The three models used to calculate the estimates are called the Global Timber Model, developed by Sohngen; the Dynamic Integrated Model of Forestry and Alternative Land Use, developed at the International Institute of Applied Systems Analysis in Laxenburg, Austria; and the Generalized Comprehensive Mitigation Assessment Process Model, developed at the Lawrence Berkeley National Laboratory in California.
The models employ different economic and biological assumptions to reach their respective deforestation and carbon-emission projections. Each model takes into account changes expected to occur over time, especially incentives for deforestation relating to demand for agricultural land based on changes in population, income and technology.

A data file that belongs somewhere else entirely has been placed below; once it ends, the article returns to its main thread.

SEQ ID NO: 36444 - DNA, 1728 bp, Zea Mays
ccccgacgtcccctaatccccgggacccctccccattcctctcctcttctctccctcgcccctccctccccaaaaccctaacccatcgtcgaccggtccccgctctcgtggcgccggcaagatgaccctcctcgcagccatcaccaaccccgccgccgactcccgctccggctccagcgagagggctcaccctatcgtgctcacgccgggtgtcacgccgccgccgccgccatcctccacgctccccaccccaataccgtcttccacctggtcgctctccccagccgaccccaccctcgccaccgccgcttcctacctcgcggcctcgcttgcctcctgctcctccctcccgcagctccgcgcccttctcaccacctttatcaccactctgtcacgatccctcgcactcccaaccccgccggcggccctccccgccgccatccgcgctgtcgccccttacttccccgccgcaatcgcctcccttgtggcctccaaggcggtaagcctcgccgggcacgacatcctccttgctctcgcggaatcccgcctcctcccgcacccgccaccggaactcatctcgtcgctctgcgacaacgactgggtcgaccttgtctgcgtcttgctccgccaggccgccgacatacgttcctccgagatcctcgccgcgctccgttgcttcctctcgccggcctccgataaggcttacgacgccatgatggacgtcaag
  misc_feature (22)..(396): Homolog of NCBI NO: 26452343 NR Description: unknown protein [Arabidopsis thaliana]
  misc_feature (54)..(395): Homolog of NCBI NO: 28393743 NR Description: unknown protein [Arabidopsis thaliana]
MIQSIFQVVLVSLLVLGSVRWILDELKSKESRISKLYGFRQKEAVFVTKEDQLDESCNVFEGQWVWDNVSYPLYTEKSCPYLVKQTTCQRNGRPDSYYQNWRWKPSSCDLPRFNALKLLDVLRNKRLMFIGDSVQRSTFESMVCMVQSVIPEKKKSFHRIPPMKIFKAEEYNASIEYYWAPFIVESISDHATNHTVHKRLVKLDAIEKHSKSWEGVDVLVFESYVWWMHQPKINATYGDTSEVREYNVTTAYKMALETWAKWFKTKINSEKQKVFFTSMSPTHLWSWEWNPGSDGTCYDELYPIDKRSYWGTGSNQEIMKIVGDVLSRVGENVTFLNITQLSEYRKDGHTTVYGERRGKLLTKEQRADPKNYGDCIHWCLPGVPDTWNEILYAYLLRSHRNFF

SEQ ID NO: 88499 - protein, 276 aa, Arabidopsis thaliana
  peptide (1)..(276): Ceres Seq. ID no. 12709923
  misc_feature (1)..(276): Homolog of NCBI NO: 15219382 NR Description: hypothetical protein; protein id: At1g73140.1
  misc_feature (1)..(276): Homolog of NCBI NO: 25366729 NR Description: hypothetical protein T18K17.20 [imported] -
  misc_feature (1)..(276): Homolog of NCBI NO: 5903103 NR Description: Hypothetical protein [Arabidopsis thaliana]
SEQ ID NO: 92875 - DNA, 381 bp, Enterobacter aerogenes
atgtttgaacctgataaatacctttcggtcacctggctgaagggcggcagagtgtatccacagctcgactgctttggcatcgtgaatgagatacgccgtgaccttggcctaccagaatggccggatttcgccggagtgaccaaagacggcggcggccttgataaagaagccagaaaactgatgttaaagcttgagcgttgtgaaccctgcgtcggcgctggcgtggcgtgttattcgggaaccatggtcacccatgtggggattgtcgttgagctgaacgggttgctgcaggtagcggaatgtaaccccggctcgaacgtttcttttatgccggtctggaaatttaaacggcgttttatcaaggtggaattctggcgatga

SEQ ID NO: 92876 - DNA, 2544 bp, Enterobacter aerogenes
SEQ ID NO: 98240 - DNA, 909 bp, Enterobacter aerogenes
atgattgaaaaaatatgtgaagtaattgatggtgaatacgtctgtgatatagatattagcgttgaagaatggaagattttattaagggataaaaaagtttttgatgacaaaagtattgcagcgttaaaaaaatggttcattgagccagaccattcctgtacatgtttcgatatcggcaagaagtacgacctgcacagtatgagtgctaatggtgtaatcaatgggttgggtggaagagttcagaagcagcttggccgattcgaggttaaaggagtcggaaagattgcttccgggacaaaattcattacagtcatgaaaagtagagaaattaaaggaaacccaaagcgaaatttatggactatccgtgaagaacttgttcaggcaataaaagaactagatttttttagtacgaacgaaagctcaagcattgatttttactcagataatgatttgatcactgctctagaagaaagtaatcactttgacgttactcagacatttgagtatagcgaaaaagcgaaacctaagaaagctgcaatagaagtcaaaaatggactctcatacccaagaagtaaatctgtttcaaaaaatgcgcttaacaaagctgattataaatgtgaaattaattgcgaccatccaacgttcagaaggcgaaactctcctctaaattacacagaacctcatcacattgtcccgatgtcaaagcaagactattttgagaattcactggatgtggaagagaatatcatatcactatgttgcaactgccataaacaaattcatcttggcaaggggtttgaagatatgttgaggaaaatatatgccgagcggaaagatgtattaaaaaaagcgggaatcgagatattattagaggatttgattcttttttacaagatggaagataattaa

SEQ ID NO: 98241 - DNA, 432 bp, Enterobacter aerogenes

"The results indicate that substantial emission reductions could be accomplished through 2030, the period we examined," Sohngen said.
For example, according to the models, carbon credits costing $20 per metric ton would result in average global carbon dioxide emission reductions of between 1.6 billion and 4.3 billion metric tons of carbon dioxide per year. At higher prices, the emission reductions go up substantially. At $100 per metric ton of carbon, the models predict an avoided deforestation program would yield emission reductions of between 3.1 billion and 4.7 billion metric tons of carbon annually.
Looking at a hypothetical program another way, the researchers used the models to estimate prices based on avoided deforestation goals. For example, the cost to achieve a 10 percent reduction in global deforestation through
|Contact: Brent Sohngen|
Ohio State University